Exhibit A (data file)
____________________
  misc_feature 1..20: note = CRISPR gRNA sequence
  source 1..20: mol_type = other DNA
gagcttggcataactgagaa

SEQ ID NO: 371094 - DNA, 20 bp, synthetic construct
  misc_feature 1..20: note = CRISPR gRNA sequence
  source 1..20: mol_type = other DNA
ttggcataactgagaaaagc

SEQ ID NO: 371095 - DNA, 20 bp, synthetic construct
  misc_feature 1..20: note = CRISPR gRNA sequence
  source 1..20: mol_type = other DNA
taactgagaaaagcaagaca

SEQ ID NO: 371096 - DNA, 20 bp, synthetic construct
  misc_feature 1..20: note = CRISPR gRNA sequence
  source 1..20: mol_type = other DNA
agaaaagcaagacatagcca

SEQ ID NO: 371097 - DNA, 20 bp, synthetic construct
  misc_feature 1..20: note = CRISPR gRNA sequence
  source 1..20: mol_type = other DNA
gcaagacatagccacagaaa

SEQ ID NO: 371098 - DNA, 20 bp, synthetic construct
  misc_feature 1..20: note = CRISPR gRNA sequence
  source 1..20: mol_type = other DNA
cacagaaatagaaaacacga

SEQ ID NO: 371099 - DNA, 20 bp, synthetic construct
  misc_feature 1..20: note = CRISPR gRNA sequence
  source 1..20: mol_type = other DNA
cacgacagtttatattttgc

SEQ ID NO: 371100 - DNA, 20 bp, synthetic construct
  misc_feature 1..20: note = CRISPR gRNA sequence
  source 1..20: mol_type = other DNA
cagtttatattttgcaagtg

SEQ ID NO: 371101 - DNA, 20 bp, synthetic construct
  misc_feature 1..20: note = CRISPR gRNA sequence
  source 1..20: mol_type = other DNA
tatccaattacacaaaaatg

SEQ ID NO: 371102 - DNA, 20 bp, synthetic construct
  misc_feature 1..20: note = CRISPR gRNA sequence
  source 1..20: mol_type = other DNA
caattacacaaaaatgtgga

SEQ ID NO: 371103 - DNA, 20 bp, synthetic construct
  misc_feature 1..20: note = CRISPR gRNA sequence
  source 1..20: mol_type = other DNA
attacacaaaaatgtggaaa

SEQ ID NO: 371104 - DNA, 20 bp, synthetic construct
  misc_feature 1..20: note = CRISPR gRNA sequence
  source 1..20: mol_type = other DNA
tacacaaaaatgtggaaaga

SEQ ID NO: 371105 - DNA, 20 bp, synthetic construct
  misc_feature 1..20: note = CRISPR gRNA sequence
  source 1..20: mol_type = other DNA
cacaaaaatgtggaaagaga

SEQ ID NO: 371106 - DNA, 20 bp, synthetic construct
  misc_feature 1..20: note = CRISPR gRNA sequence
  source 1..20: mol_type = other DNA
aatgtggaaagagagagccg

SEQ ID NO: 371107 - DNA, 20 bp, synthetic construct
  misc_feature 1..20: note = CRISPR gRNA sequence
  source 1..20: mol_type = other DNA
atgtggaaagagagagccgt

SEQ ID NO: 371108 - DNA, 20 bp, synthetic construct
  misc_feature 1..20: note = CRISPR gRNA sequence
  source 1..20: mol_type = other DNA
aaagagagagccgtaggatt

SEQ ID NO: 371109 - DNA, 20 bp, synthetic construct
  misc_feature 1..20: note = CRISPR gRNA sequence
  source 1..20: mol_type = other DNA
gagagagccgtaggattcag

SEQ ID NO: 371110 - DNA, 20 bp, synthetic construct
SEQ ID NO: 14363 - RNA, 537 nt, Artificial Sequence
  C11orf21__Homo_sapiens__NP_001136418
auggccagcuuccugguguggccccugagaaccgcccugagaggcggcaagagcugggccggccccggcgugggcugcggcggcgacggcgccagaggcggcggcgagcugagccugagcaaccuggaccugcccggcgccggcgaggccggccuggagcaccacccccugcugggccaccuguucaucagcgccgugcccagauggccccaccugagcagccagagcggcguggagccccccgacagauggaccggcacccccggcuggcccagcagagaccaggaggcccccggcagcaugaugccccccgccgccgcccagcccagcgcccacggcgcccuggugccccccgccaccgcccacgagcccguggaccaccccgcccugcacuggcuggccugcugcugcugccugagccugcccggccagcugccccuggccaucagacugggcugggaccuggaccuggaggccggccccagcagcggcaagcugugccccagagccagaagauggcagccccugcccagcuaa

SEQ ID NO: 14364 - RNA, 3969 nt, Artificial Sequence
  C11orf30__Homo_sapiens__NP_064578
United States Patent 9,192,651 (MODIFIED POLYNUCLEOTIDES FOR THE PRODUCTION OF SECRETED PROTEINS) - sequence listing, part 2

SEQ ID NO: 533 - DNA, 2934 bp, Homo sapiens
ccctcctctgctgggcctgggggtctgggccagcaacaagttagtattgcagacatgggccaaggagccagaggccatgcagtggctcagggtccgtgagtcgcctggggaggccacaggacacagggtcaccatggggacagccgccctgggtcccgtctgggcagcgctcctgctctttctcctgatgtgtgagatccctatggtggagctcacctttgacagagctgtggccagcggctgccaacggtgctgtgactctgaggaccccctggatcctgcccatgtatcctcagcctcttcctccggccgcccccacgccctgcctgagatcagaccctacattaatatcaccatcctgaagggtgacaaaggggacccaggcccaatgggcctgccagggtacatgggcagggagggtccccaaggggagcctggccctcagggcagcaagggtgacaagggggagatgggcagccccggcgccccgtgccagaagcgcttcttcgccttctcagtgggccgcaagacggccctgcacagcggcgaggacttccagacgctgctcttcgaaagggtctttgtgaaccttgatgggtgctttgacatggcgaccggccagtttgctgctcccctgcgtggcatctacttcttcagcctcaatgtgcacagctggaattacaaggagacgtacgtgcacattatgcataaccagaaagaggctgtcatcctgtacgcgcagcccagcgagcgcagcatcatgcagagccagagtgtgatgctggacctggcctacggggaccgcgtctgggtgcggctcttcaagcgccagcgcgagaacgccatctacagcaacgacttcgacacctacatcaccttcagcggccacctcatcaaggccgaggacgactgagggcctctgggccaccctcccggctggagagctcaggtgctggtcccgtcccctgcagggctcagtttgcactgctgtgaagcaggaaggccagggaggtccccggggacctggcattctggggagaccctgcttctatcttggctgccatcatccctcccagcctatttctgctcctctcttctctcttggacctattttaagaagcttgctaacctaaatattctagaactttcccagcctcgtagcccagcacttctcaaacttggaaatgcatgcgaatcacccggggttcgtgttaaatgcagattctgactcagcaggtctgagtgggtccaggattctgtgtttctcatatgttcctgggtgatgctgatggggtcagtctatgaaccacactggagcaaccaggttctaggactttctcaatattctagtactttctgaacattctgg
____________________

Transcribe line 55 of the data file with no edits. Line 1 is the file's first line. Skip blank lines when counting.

aatgtggaaagagagagccg